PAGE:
“I have put my heart and soul into attending OU but that ended,” Ferdous wrote in the letter. “Me not meeting your daughter has put me into a severe depression and I feel like committing suicide (I will cut my wrists and suffocate myself).”'
At the end of the letter, Ferdous leaves contact numbers for himself and his mother.
“I hope that when you please read this ... find a place in your hearts to call my mother at any of these numbers,” he wrote.
The report filed by airport police states that Ferdous was taken to Parkland Hospital in Dallas for a mental evaluation. A search of Dallas County court records indicates Ferdous was never charged with a crime in connection with the airport incident.
By the time Ferdous was pulled off the American Eagle flight, he had already established a pattern of harassing members of the OU women's soccer team.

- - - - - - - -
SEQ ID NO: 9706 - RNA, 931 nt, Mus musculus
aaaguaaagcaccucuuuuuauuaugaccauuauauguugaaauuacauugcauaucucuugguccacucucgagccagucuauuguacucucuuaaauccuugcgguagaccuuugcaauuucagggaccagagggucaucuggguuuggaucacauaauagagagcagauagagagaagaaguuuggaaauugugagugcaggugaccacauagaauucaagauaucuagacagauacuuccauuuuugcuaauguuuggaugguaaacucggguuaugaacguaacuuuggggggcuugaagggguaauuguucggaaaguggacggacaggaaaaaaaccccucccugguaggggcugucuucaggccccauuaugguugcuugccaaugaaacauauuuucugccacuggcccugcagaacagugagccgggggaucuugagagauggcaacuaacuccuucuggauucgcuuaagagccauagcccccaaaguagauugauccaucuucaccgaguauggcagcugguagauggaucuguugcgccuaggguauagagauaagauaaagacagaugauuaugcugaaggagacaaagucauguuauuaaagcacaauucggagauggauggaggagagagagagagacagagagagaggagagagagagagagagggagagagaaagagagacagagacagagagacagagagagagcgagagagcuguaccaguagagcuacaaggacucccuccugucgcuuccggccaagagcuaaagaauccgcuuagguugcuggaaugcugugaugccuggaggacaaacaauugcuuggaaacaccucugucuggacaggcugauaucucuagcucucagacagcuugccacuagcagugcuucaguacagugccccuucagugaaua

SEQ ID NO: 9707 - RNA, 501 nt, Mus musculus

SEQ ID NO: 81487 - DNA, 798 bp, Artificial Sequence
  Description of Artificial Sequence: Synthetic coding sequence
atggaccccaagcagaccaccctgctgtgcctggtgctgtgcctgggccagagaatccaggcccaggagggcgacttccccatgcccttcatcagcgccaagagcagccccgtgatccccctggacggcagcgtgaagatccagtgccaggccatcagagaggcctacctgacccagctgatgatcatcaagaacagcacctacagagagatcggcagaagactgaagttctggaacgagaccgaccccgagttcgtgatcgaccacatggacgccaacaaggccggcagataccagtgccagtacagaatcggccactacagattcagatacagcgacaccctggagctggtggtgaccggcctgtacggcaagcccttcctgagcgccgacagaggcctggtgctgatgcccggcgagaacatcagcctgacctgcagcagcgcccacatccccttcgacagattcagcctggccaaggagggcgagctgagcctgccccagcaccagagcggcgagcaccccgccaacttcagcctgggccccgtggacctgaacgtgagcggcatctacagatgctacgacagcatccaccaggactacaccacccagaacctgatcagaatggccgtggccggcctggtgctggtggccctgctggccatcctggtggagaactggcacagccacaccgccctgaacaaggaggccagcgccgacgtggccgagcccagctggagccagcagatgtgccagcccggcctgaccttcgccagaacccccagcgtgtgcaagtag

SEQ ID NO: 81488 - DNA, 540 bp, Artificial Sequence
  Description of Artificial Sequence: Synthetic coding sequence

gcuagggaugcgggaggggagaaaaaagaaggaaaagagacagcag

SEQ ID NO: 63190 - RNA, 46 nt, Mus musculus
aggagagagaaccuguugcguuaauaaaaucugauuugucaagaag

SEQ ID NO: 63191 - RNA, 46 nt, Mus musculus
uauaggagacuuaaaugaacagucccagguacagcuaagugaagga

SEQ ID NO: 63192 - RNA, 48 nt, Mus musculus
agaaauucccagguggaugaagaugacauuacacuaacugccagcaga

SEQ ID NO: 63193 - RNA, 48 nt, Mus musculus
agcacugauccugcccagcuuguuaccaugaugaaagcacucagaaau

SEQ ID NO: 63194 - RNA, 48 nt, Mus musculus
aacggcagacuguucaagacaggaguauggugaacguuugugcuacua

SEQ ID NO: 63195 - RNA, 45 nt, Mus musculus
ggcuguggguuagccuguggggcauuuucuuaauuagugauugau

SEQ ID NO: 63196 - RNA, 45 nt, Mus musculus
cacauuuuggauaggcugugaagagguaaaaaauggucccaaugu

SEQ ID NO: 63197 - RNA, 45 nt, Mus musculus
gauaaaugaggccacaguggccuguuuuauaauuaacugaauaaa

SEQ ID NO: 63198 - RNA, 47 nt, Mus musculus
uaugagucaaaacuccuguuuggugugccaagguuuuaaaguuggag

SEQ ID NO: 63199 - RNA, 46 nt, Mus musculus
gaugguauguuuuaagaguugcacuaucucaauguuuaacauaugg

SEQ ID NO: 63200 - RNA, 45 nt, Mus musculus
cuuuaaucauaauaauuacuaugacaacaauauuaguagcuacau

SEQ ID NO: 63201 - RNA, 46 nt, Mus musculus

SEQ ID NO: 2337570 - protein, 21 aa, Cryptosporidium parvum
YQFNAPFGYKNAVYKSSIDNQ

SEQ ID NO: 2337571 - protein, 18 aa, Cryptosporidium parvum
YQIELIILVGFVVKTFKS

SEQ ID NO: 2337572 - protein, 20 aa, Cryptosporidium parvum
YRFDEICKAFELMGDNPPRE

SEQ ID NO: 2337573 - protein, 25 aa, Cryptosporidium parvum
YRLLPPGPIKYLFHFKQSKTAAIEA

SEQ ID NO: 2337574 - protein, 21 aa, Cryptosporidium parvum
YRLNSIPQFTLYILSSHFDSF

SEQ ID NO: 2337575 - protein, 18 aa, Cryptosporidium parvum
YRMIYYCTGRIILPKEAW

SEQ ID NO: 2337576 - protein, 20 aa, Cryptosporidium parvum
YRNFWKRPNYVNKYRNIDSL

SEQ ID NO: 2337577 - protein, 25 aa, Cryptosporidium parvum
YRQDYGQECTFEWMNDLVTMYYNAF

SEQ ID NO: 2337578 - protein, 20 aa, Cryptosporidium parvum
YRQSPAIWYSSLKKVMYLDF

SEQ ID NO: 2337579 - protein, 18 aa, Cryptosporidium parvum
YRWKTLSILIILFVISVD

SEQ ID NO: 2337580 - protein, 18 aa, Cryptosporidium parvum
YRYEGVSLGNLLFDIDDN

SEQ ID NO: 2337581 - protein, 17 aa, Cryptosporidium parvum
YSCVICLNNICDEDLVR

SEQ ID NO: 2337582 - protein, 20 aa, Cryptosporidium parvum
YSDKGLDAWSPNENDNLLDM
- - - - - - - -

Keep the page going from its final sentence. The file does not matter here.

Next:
Devonshire, who filed an emergency protective order against Ferdous the day before he was arrested, claims he had harassed at least one other member of the women's soccer team before turning his attention to her.
Pete Moris, a spokesman for the OU athletics department, would not say how many other student-athletes — if any — have been harassed by stalkers in recent years.
“The safety and security of all of our students at the University of Oklahoma is always our primary concern,” Moris said. “We will always take appropriate measures in conjunction with the university to ensure the protection of our students.”